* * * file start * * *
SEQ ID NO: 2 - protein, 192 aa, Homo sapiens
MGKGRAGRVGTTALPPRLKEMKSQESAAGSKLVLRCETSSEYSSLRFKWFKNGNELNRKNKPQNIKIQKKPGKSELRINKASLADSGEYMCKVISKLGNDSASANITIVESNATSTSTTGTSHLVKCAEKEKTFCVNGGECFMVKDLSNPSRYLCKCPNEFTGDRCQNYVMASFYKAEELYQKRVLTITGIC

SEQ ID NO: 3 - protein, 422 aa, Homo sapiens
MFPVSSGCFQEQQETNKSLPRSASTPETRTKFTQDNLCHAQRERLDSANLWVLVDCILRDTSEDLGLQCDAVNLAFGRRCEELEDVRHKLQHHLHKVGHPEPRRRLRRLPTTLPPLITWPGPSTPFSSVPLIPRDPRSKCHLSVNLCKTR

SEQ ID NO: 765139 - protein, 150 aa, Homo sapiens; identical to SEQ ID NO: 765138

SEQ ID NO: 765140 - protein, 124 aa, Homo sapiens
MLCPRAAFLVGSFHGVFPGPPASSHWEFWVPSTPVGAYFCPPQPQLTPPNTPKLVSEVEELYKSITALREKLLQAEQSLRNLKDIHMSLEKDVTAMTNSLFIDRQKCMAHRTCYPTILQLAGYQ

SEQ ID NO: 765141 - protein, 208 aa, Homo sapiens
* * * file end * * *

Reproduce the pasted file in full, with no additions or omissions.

SEQ ID NO: 2 - protein, 192 aa, Homo sapiens
MGKGRAGRVGTTALPPRLKEMKSQESAAGSKLVLRCETSSEYSSLRFKWFKNGNELNRKNKPQNIKIQKKPGKSELRINKASLADSGEYMCKVISKLGNDSASANITIVESNATSTSTTGTSHLVKCAEKEKTFCVNGGECFMVKDLSNPSRYLCKCPNEFTGDRCQNYVMASFYKAEELYQKRVLTITGIC

SEQ ID NO: 3 - protein, 422 aa, Homo sapiens
MFPVSSGCFQEQQETNKSLPRSASTPETRTKFTQDNLCHAQRERLDSANLWVLVDCILRDTSEDLGLQCDAVNLAFGRRCEELEDVRHKLQHHLHKVGHPEPRRRLRRLPTTLPPLITWPGPSTPFSSVPLIPRDPRSKCHLSVNLCKTR

SEQ ID NO: 765139 - protein, 150 aa, Homo sapiens; identical to SEQ ID NO: 765138

SEQ ID NO: 765140 - protein, 124 aa, Homo sapiens
MLCPRAAFLVGSFHGVFPGPPASSHWEFWVPSTPVGAYFCPPQPQLTPPNTPKLVSEVEELYKSITALREKLLQAEQSLRNLKDIHMSLEKDVTAMTNSLFIDRQKCMAHRTCYPTILQLAGYQ

SEQ ID NO: 765141 - protein, 208 aa, Homo sapiens